The Light Shines in Darkness

The Light Shines in Darkness by Leo Tolstoy

Maybe a good sub-title for this book would be, "When Affluence and Scripture Collide."

I was in a Men's Bible Study in an affluent church in an affluent suburb of a significant American city. We were discussing a news article on minimalism and the teaching of Jesus in Matthew 6. Towards the end of the discussion, one of the church leaders, an affluent and educated man, said that Jesus' teachings of Matthew 6.19-24 were not really meant to be taken literally...


What might happen to you if you chose to practice the teachings of Jesus given in the Sermon on the Mount? More particularly, what might happen to you if you began to apply the teachings from:

What about another perspective? How would you react if a close friend or relative chose to literally apply the Parable of the Rich Young Ruler to his or her own life?

For those that ponder these questions and possibilities and wonder what it means to follow Jesus, I recommend this little book by Tolstoy. It will definitely stir the waters.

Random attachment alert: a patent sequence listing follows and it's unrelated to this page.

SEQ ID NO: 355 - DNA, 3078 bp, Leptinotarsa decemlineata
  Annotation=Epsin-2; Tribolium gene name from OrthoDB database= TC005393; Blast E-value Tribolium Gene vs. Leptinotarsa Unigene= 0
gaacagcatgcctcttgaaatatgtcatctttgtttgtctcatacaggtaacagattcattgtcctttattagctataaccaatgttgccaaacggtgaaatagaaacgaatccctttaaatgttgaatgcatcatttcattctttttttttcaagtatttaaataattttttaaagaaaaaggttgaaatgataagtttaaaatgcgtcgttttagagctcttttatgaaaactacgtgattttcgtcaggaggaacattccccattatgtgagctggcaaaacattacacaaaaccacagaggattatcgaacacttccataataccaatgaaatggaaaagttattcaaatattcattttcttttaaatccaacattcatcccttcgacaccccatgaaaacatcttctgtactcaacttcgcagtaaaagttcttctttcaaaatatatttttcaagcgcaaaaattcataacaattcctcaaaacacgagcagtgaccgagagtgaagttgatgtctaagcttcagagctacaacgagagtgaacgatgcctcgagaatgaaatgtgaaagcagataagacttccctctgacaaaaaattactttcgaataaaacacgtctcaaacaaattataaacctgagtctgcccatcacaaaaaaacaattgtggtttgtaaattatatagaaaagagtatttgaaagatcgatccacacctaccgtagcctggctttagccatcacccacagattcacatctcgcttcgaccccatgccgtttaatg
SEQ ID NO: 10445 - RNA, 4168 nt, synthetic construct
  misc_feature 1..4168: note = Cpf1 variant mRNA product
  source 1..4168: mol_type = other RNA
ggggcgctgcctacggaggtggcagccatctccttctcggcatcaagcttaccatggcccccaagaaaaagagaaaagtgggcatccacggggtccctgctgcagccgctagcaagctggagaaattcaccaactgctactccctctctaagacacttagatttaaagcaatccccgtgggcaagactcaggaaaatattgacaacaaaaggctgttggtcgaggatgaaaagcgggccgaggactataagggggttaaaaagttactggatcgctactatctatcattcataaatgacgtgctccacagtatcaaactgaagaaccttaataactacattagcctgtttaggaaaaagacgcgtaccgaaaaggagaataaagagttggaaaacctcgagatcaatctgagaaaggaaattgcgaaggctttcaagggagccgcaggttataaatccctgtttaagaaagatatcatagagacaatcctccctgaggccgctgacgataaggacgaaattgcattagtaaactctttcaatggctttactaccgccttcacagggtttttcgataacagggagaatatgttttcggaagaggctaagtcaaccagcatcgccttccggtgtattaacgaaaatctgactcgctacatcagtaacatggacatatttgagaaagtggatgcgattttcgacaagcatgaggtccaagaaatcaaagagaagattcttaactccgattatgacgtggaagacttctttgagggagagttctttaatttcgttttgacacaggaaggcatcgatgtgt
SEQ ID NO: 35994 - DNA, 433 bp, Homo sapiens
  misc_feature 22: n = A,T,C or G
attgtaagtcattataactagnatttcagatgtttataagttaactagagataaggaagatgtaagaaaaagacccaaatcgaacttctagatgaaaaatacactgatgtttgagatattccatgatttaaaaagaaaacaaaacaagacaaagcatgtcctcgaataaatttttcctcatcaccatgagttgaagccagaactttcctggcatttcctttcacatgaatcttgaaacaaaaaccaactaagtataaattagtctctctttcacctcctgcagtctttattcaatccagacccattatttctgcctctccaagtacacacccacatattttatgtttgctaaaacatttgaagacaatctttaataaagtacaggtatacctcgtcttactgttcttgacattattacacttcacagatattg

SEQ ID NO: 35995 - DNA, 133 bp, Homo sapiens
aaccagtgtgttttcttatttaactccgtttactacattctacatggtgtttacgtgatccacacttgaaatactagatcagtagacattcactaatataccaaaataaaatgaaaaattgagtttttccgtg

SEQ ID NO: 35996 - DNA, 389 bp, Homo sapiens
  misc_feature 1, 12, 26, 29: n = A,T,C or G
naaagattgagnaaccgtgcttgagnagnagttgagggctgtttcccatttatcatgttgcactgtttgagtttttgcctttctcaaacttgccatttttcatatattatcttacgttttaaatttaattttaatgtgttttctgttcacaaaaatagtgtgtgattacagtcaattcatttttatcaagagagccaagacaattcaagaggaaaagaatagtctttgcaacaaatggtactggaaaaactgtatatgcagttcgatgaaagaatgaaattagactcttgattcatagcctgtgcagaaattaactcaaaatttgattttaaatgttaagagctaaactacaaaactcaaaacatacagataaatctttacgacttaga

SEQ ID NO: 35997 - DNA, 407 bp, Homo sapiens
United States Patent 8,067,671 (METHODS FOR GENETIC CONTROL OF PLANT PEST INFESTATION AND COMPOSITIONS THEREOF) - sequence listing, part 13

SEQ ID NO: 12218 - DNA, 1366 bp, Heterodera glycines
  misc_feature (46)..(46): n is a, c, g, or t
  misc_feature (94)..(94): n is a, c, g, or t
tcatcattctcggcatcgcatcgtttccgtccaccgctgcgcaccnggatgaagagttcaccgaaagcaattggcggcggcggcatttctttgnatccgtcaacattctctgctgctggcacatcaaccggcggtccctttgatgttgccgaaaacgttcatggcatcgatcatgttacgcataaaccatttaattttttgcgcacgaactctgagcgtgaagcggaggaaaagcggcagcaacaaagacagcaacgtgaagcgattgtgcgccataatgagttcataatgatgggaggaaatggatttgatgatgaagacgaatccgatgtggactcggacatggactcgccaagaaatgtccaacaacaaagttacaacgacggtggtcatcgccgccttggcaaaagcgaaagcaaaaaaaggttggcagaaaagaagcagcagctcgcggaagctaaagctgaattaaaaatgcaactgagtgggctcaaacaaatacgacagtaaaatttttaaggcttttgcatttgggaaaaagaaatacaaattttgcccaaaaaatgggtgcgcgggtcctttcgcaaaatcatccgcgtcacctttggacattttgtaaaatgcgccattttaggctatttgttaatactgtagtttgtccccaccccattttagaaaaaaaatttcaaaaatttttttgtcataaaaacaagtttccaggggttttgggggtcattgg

The story is written as a play, and as such, is an easy and quick read. The main character is wealthy estate owner, Nicholas Ivanovich. Nicholas begins to question the tame teachings of the Orthodox Church and begins to follow Jesus regardless of the cost. What follows is a discussion with wife, family, friends, and church leaders who think Nicholas has gone off the deep end.

As with a parable, this story invites participation. If you read it, look for your own behavior - good or bad - in the characters of the story. Then read the Gospels and begin asking the question, what does it mean to follow Jesus?

On a side note - the Amazon page for this book claims this is a semi-autobiographical story of Tolstoy's own life. Also describes Tolstoy as an educational reformer, pacifist, and Christian Anarchist...


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